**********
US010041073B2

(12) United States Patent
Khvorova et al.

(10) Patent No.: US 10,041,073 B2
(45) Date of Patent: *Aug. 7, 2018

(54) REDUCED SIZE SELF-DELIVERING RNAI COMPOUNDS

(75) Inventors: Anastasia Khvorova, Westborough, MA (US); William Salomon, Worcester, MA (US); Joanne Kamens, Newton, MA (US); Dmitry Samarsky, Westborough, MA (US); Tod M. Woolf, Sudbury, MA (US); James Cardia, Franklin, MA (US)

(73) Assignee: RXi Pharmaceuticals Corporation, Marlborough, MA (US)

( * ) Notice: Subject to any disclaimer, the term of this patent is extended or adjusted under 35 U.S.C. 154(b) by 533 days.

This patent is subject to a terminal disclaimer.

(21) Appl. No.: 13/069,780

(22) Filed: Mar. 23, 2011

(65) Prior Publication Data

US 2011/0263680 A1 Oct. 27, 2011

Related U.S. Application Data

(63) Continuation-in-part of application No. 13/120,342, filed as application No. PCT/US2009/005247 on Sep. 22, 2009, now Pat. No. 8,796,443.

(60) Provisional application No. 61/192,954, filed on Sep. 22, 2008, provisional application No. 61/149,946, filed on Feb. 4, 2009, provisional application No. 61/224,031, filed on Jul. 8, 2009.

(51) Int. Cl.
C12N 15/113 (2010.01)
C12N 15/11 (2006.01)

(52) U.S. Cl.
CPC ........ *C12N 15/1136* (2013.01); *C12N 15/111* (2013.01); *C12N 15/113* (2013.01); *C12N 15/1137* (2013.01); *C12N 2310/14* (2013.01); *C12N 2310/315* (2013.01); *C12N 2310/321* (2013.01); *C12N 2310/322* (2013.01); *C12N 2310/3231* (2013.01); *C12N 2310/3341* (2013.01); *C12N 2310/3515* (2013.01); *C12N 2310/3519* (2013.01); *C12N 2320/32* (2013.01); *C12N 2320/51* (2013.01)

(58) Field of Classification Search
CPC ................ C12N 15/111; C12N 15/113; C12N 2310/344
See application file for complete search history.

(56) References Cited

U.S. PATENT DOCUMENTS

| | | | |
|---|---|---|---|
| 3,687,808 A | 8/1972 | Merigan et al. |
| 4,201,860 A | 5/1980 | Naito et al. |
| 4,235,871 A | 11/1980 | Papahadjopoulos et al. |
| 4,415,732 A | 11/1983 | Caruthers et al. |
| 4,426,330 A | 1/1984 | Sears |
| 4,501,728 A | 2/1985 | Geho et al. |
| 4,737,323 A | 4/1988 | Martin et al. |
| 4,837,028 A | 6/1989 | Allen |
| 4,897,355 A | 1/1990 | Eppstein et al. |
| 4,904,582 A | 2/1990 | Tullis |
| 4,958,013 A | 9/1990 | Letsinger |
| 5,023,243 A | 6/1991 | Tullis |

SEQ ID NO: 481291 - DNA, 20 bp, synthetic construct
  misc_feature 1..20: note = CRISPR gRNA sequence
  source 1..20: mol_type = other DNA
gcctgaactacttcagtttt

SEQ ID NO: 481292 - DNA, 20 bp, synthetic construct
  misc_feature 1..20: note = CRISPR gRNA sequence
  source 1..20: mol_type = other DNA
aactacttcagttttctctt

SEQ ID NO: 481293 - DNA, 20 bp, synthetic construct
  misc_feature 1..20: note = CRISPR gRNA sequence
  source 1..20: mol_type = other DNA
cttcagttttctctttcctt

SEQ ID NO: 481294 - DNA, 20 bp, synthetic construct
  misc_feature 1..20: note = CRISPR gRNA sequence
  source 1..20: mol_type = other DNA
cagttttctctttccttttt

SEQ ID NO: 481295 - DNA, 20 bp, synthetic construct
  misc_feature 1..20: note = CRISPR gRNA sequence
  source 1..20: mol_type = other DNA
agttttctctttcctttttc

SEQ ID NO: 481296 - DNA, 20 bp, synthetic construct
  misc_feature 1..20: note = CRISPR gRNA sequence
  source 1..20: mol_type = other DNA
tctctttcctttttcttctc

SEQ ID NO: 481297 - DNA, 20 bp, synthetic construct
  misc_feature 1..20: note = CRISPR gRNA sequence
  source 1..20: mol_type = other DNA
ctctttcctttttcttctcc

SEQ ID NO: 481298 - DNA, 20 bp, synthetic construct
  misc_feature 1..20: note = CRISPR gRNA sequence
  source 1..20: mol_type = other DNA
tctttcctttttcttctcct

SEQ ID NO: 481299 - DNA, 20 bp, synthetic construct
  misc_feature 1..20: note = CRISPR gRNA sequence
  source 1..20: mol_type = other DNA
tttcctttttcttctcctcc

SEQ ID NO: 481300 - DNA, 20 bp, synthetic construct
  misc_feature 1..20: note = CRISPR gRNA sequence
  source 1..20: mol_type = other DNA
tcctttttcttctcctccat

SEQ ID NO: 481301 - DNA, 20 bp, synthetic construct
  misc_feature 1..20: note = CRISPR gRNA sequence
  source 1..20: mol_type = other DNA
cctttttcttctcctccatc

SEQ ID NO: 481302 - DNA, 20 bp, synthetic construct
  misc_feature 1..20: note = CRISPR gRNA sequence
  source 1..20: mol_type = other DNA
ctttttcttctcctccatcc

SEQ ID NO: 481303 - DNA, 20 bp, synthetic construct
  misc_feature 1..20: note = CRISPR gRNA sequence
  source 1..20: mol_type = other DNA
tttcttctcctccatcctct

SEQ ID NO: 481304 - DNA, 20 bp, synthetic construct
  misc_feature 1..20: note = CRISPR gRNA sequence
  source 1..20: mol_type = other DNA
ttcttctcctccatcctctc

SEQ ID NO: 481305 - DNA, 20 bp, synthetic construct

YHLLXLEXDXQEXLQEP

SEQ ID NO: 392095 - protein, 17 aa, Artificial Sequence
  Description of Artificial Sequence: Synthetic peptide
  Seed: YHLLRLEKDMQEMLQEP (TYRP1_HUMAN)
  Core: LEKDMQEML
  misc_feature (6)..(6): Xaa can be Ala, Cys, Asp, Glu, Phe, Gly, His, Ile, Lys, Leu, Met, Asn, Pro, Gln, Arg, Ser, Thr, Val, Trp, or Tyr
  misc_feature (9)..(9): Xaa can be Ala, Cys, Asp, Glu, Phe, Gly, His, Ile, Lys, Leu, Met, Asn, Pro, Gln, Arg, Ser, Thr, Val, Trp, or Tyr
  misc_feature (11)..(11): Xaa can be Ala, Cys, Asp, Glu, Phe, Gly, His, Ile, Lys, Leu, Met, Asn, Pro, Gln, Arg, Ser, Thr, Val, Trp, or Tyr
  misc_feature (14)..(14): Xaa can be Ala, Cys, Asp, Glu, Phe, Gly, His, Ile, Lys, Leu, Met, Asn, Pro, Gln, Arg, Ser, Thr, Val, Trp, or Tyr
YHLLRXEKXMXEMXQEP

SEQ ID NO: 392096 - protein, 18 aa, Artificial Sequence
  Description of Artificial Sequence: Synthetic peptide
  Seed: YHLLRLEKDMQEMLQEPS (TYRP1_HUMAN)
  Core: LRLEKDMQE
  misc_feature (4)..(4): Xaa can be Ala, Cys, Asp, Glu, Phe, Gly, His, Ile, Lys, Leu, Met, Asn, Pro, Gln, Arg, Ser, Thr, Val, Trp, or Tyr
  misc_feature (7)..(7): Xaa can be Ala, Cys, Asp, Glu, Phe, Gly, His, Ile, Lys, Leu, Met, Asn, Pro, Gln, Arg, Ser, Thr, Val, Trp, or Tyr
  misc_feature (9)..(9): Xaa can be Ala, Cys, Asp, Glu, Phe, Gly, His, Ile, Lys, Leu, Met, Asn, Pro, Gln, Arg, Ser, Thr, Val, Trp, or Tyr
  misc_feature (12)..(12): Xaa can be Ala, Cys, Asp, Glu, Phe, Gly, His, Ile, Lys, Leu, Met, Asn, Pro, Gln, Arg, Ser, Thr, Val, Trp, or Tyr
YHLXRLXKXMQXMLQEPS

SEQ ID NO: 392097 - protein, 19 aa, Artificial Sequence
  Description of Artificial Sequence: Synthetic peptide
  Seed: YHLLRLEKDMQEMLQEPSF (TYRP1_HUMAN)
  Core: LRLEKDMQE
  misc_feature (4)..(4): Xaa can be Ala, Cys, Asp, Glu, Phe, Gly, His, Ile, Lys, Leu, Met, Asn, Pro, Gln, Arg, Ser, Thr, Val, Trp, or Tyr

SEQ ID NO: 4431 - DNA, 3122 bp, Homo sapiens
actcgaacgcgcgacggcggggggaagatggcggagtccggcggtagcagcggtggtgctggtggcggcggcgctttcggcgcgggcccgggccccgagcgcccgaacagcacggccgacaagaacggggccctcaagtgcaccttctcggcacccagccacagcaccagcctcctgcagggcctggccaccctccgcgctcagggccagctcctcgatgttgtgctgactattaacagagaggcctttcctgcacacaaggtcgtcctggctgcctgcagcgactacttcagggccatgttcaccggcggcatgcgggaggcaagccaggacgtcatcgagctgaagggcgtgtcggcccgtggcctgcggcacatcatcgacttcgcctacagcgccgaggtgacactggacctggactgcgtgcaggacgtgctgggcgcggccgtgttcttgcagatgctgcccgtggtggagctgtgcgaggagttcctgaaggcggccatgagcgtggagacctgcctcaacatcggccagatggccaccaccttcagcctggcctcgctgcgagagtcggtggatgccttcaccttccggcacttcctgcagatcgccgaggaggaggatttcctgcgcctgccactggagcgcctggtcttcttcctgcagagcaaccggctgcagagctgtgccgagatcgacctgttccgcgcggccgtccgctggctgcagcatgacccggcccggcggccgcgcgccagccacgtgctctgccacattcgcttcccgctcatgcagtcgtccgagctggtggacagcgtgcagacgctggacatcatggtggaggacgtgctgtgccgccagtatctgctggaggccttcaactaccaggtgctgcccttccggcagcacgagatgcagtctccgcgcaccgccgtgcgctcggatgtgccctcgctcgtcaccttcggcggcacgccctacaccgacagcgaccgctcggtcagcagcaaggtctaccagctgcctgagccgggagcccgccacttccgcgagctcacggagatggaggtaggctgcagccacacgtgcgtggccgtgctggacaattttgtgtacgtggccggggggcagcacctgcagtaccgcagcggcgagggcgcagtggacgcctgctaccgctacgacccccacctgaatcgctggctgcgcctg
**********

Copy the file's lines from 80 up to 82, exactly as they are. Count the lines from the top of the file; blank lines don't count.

  source 1..20: mol_type = other DNA
tcctttttcttctcctccat

SEQ ID NO: 481301 - DNA, 20 bp, synthetic construct